PURPOSE: The overall survival rate of patients with advanced gastric cancer is poor. Therefore, there is an urgent need for new treatment options for these patients. The identification of drug target genes located on DNA regions exhibiting high-level copy number gains (CNG) may be an effective approach, as has e.g. previously been shown for HER2. The aim of the present study was to identify putative drug targets in patients with gastric cancer by applying this strategy.
METHODS: Genome-wide array comparative genomic hybridization (array CGH) data available from 183 primary gastric cancer samples were analyzed through Ingenuity Pathway Analysis (IPA) to assess whether any established or potential anticancer drug target genes showed high-level CNG, including focal amplifications.
RESULTS: A total of 147 high-level gained regions were identified in the gastric cancer samples, harboring 167 genes that had previously been annotated as drug target genes. Thirty (18 %) of these genes showed high-level gains in at least 2 % of the tumors. The identified drug target genes included those for drugs known to be active in advanced (gastric) cancer, targets for targeted therapies in clinical development, as well as targets for drugs currently used for other indications but of potential interest for anticancer treatment. In addition, 12 potential drug target genes were identified, including genes involved in growth factor signaling and cell cycle regulation.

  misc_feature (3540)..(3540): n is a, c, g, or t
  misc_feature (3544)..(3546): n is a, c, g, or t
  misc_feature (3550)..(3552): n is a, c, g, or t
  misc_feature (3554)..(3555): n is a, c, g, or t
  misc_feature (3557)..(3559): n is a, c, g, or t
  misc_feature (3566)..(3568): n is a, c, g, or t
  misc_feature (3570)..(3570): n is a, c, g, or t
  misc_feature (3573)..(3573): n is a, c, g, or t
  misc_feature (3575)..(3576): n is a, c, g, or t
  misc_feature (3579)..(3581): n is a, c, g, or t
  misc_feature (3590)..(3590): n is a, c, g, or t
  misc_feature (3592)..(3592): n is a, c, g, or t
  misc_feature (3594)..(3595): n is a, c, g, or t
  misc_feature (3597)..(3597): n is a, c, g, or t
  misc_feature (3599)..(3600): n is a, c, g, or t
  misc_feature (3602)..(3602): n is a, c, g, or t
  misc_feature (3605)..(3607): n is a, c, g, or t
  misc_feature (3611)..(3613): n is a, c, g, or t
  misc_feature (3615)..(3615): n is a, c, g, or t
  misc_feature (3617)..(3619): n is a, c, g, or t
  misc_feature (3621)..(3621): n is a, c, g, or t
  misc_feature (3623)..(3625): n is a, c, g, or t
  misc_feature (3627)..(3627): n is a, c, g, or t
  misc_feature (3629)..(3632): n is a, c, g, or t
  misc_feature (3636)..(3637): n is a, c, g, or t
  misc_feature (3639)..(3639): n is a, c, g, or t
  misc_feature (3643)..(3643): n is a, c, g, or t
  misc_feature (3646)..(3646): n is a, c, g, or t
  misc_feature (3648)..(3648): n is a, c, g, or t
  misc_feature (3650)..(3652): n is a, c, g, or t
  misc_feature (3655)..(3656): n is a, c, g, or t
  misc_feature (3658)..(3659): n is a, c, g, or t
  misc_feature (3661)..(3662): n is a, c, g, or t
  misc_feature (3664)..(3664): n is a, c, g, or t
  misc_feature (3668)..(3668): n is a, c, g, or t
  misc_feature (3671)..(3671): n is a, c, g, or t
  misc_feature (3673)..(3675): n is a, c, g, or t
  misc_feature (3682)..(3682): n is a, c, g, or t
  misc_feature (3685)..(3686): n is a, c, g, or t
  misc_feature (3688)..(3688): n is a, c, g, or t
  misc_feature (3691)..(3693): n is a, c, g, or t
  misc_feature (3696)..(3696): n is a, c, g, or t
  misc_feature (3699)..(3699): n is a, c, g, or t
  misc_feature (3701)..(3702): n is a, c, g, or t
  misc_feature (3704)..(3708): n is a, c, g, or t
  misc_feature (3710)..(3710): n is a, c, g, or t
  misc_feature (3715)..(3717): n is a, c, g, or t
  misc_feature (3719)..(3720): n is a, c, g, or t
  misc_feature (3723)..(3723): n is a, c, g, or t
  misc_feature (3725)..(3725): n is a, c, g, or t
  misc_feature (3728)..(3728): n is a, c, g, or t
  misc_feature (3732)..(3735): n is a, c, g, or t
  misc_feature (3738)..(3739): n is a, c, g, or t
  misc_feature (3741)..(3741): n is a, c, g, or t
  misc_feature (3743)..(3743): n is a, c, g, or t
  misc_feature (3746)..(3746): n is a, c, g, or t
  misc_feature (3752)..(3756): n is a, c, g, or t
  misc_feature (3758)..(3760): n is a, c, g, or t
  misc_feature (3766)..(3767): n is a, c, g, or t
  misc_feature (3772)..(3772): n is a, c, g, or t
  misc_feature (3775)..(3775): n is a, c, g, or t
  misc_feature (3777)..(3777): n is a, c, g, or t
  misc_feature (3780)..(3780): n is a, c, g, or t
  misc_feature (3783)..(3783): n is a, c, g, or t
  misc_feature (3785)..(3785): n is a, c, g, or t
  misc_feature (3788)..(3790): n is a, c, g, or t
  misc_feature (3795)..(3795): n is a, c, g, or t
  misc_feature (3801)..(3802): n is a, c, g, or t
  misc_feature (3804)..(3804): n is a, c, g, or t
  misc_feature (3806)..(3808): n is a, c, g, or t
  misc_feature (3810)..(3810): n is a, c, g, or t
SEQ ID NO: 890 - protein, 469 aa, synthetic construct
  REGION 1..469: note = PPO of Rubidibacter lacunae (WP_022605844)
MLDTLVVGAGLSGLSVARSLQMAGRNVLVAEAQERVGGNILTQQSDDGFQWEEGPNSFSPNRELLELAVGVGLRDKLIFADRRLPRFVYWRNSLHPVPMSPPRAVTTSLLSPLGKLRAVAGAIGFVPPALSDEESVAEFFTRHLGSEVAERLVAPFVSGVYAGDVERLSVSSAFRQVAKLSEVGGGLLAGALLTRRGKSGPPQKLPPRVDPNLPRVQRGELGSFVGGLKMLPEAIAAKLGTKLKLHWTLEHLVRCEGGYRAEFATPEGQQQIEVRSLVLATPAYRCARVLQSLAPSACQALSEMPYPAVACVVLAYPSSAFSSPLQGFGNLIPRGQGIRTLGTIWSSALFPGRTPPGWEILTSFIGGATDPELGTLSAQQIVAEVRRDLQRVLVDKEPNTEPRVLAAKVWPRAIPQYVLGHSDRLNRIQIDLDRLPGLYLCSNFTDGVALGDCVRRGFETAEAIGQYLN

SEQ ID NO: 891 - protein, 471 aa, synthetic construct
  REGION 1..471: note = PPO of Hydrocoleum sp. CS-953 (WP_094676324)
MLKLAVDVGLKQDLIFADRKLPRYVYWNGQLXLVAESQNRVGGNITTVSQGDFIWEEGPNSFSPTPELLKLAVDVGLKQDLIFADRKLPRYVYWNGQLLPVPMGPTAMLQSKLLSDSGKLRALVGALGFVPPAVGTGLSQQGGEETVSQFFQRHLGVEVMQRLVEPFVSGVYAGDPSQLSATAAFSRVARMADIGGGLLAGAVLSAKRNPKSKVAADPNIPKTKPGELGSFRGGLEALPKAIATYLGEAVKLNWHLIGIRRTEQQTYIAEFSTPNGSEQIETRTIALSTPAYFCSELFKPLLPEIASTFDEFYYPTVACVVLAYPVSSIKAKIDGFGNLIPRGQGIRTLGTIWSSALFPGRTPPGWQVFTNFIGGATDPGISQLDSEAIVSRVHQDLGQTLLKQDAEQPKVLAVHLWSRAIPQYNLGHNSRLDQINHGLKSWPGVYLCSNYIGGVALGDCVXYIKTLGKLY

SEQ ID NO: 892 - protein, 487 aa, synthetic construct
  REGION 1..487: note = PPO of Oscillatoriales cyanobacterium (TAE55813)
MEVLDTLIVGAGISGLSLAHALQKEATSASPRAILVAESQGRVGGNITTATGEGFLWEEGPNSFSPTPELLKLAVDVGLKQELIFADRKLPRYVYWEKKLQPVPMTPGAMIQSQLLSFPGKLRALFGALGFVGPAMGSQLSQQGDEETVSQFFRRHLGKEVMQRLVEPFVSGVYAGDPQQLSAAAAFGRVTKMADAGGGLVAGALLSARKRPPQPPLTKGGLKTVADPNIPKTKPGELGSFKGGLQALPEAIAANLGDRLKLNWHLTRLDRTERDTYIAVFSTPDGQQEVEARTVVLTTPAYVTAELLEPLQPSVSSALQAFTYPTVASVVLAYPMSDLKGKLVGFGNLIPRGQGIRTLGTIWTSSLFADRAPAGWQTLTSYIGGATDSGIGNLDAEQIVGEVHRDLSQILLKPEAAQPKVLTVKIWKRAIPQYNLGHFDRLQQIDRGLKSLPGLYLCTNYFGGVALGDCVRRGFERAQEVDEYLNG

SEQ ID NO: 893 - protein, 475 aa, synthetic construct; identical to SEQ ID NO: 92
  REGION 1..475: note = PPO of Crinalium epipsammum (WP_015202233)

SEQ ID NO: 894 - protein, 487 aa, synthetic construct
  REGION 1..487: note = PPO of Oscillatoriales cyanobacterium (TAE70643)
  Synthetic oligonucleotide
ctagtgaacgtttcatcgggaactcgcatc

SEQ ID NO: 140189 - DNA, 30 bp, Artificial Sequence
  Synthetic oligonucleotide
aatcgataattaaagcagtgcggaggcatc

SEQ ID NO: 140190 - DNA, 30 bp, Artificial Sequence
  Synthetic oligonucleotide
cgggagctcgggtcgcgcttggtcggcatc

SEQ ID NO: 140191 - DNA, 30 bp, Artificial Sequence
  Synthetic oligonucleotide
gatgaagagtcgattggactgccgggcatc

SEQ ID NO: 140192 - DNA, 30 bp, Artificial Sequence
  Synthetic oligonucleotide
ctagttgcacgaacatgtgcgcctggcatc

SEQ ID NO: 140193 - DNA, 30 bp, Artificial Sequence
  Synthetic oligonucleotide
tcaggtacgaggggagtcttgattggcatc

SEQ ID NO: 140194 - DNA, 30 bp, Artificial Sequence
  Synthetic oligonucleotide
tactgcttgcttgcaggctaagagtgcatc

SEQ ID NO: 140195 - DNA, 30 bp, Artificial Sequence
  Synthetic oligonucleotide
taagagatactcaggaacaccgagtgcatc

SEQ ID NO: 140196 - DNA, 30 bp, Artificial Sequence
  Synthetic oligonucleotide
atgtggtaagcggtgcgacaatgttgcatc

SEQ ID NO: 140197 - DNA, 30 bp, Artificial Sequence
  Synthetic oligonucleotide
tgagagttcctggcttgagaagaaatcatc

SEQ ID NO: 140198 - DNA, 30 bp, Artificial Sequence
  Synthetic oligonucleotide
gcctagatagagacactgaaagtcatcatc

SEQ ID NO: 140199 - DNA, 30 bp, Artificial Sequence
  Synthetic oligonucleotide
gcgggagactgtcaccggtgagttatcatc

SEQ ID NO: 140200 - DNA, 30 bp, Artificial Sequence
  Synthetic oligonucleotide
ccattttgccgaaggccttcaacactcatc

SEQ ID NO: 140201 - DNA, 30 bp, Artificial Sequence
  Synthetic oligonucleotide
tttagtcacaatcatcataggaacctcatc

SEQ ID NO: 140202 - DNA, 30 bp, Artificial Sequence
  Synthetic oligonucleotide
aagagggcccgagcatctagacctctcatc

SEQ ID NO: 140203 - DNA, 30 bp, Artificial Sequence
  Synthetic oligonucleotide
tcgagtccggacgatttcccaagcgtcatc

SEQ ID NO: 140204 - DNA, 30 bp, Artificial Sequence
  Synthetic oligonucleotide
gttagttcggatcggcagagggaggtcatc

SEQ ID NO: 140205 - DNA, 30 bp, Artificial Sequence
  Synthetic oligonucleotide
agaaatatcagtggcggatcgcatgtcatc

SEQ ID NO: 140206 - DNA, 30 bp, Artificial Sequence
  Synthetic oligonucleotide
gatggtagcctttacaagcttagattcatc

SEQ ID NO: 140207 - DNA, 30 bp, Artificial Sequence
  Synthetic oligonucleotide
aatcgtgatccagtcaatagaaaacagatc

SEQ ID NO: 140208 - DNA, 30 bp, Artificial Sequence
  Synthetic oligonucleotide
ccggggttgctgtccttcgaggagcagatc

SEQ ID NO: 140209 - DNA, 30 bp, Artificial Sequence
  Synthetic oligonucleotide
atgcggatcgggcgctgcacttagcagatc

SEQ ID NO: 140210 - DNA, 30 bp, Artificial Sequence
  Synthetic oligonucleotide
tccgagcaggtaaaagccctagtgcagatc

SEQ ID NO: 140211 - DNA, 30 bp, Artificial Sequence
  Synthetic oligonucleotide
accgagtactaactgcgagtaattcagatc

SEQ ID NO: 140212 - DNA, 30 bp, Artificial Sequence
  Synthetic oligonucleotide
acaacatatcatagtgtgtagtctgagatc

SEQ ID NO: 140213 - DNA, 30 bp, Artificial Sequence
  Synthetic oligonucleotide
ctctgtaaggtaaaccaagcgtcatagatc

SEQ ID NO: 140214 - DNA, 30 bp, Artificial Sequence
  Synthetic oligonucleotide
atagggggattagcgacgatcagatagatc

CONCLUSION: The majority of gastric cancers carried one or more high-level CNGs or focal amplifications encompassing putative drug target genes. A number of the associated drugs are currently not being considered for treatment of gastric cancer. Based on these results we hypothesize that DNA copy number profiling may be a useful tool to identify new drug targets and to guide individualized treatment strategies in patients with gastric cancer.
- Antineoplastic Agents
- Cluster Analysis
- Comparative Genomic Hybridization
- DNA Copy Number Variations
- DNA, Neoplasm
- Gene Expression Regulation, Neoplastic
- Genetic Predisposition to Disease
- Molecular Targeted Therapy
- Reproducibility of Results
- Stomach Neoplasms